Contractions: They’re great! They give your writing an informal, friendly tone. In most cases, use them as you see fit. Avoid them if you're writing content that will be translated for an international audience.
Dates: Generally, spell out the day of the week and the month. Abbreviate the month if followed by a year
Saturday, January 24
Saturday, Jan. 24, 2018
Decimals and fractions: Spell out fractions.
Use decimal points when a number can’t be easily written out as a fraction, like 1.375 or 47.2.
Dashes and hyphens: Use a hyphen (-) without spaces on either side to link words into single phrase, or to indicate a span or range.
Use an em dash (—) without spaces on either side to offset an aside.
Note than an em-dash is distinct from a hyphen. It is a dash the length of three character spaces. Use a true em dash, not hyphens (- or --).
The Academy's DataDerm—just one of our Practice Management Center features—can help you improve quality of care.
Austin thought Brad was the donut thief, but he was wrong—it was Jennifer.
Use em-dashes sparingly. They can be useful for making parenthetical asides and for setting off complicated information. They become distracting when used excessively. Never use em-dashes in place of a comma. Wrong: As it happens—there actually is an answer.
Ellipses: Ellipses (...) can be used to indicate that you’re trailing off before the end of a thought. Use them sparingly. Don’t use them for emphasis or drama, and don’t use them in titles or headers.
“Where did all those donuts go?” Christy asked. Jennifer said, “I don't know...”
Ellipses, in brackets, can also be used to show that you're omitting words in a quote.
“When in the course of human events it becomes necessary for one people to dissolve the political bands which have connected them with another and to assume among the powers of the earth, [...] a decent respect to the opinions of mankind requires that they should declare the causes which impel them to the separation.”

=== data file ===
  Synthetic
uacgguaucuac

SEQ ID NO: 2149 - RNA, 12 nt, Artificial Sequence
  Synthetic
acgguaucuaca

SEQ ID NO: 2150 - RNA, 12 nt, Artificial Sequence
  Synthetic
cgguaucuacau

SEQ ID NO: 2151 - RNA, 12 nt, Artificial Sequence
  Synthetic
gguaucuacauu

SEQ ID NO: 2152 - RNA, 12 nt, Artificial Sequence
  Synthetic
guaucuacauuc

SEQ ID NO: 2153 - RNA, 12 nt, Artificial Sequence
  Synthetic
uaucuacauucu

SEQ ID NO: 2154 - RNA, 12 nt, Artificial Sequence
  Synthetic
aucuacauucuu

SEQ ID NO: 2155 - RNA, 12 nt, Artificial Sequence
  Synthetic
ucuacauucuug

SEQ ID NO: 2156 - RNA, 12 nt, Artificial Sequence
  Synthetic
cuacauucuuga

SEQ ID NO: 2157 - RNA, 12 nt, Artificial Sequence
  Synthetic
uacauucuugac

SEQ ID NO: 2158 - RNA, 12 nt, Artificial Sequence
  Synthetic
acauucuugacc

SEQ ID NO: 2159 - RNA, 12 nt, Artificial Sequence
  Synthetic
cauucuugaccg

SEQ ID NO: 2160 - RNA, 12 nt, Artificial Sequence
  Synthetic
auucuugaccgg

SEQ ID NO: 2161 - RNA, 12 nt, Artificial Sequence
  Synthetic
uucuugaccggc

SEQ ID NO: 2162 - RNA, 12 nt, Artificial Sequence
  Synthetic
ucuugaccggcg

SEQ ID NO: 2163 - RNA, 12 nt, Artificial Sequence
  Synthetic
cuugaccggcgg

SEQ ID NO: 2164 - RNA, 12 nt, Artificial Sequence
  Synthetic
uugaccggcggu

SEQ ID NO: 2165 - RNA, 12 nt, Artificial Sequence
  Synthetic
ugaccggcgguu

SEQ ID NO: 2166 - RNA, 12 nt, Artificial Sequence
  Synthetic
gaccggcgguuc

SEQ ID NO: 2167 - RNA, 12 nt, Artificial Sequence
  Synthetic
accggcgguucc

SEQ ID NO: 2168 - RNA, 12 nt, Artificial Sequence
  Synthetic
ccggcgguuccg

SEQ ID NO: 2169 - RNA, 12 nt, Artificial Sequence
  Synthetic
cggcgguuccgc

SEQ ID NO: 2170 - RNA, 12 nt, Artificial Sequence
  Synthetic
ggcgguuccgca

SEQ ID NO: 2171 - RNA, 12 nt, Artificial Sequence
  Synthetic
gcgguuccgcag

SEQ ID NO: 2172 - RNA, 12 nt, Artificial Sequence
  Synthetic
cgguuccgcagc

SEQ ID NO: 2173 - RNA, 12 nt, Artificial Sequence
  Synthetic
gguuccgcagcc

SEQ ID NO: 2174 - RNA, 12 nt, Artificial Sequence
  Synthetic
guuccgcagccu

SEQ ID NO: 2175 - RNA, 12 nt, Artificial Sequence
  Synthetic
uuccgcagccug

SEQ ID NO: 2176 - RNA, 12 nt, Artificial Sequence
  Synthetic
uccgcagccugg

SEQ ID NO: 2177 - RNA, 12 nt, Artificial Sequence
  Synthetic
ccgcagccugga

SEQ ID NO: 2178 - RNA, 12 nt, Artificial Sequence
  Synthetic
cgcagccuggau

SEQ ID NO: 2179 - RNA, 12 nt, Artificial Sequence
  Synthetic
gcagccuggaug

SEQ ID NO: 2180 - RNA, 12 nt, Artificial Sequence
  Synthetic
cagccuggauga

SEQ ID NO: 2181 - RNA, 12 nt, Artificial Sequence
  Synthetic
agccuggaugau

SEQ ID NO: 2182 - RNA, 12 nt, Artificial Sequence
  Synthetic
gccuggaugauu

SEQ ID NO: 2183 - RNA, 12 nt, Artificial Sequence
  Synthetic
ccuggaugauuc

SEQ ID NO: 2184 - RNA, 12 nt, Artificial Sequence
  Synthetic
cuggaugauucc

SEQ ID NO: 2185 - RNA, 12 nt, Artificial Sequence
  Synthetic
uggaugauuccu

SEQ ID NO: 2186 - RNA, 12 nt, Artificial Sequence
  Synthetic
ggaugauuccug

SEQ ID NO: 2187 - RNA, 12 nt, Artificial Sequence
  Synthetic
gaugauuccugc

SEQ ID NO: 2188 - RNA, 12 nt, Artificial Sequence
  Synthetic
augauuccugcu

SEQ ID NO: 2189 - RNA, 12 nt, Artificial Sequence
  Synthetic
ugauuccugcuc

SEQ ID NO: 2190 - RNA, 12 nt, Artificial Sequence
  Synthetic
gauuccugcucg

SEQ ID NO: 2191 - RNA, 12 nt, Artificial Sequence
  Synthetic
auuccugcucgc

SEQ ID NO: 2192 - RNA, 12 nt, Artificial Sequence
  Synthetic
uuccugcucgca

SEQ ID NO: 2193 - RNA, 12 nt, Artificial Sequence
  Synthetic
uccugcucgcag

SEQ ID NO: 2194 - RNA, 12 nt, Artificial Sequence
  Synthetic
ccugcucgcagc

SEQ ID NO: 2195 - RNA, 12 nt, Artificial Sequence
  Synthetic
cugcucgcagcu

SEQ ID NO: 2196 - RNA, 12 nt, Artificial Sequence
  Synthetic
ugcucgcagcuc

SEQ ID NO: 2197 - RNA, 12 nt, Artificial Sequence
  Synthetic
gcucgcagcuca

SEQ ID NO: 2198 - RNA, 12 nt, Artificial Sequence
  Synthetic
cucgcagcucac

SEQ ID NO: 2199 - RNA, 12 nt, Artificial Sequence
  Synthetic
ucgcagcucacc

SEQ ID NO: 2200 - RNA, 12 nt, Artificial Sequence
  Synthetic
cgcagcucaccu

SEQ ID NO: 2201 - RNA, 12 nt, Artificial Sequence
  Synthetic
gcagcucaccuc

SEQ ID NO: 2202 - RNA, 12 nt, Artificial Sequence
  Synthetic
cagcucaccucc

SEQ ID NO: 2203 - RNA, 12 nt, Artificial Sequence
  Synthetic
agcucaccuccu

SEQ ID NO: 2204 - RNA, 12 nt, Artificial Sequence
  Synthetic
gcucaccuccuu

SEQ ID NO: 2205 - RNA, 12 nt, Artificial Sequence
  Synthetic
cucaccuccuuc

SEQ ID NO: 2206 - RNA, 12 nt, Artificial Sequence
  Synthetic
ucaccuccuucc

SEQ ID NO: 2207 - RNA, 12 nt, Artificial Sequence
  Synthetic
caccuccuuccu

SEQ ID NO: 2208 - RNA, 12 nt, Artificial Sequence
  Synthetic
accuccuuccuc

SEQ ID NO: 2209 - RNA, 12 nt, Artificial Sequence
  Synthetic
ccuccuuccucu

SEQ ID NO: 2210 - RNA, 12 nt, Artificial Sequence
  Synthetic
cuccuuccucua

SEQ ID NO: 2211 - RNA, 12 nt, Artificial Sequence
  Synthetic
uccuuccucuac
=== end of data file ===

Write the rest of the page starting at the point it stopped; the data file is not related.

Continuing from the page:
When ellipses appear in a sentence, outside of brackets, they should not be set off by a space on either side, such as this...rather than this ...
Exclamation points: Use exclamation points sparingly, and never use more than one at a time. They’re like high-fives: A well-timed one is great, but too many can be annoying.
Like other punctuation, exclamation points usually go inside quotation marks. Like periods and question marks, they go outside parentheses when the parenthetical is part of a larger sentence, and inside parentheses when the parenthetical stands alone.
When in doubt, avoid!
Fewer vs. less: Fewer should be used instead of less when referring to distinct quantities. For example, there were once fewer entries in this style guide.
File extensions: When referring generally to a file extension type, use all uppercase without a period. Add a lowercase s to make plural.
When referring to a specific file, the filename should be lowercase:
Healthcare vs. health care: Health care should be two words.
Like vs. such as: When citing an example of something, use the phrase "such as" rather than "like." Strictly speaking, such as provides an example, whereas like provides a similarity. Correct: You may use a coin, such as a quarter. Incorrect: You may use a coin, like a quarter.
Money: When writing about U.S. currency, use the dollar sign before the amount. Include a decimal and number of cents if more than 0.
Numbers: Spell out a number when it begins a sentence. Also spell out numbers that are below 10, unless they refer to the age of a person or animal. In any sentence that already contains a numeral, use the numeral in place of the word. In all other cases, use the numeral. This includes ordinals, too.
Ten new employees started on Monday, and 12 start next week.
There are 8, 9, or even 10 good possibilities.
I ate three donuts at the monthly birthday party.
Meg won 17th place in last year’s Halloween contest.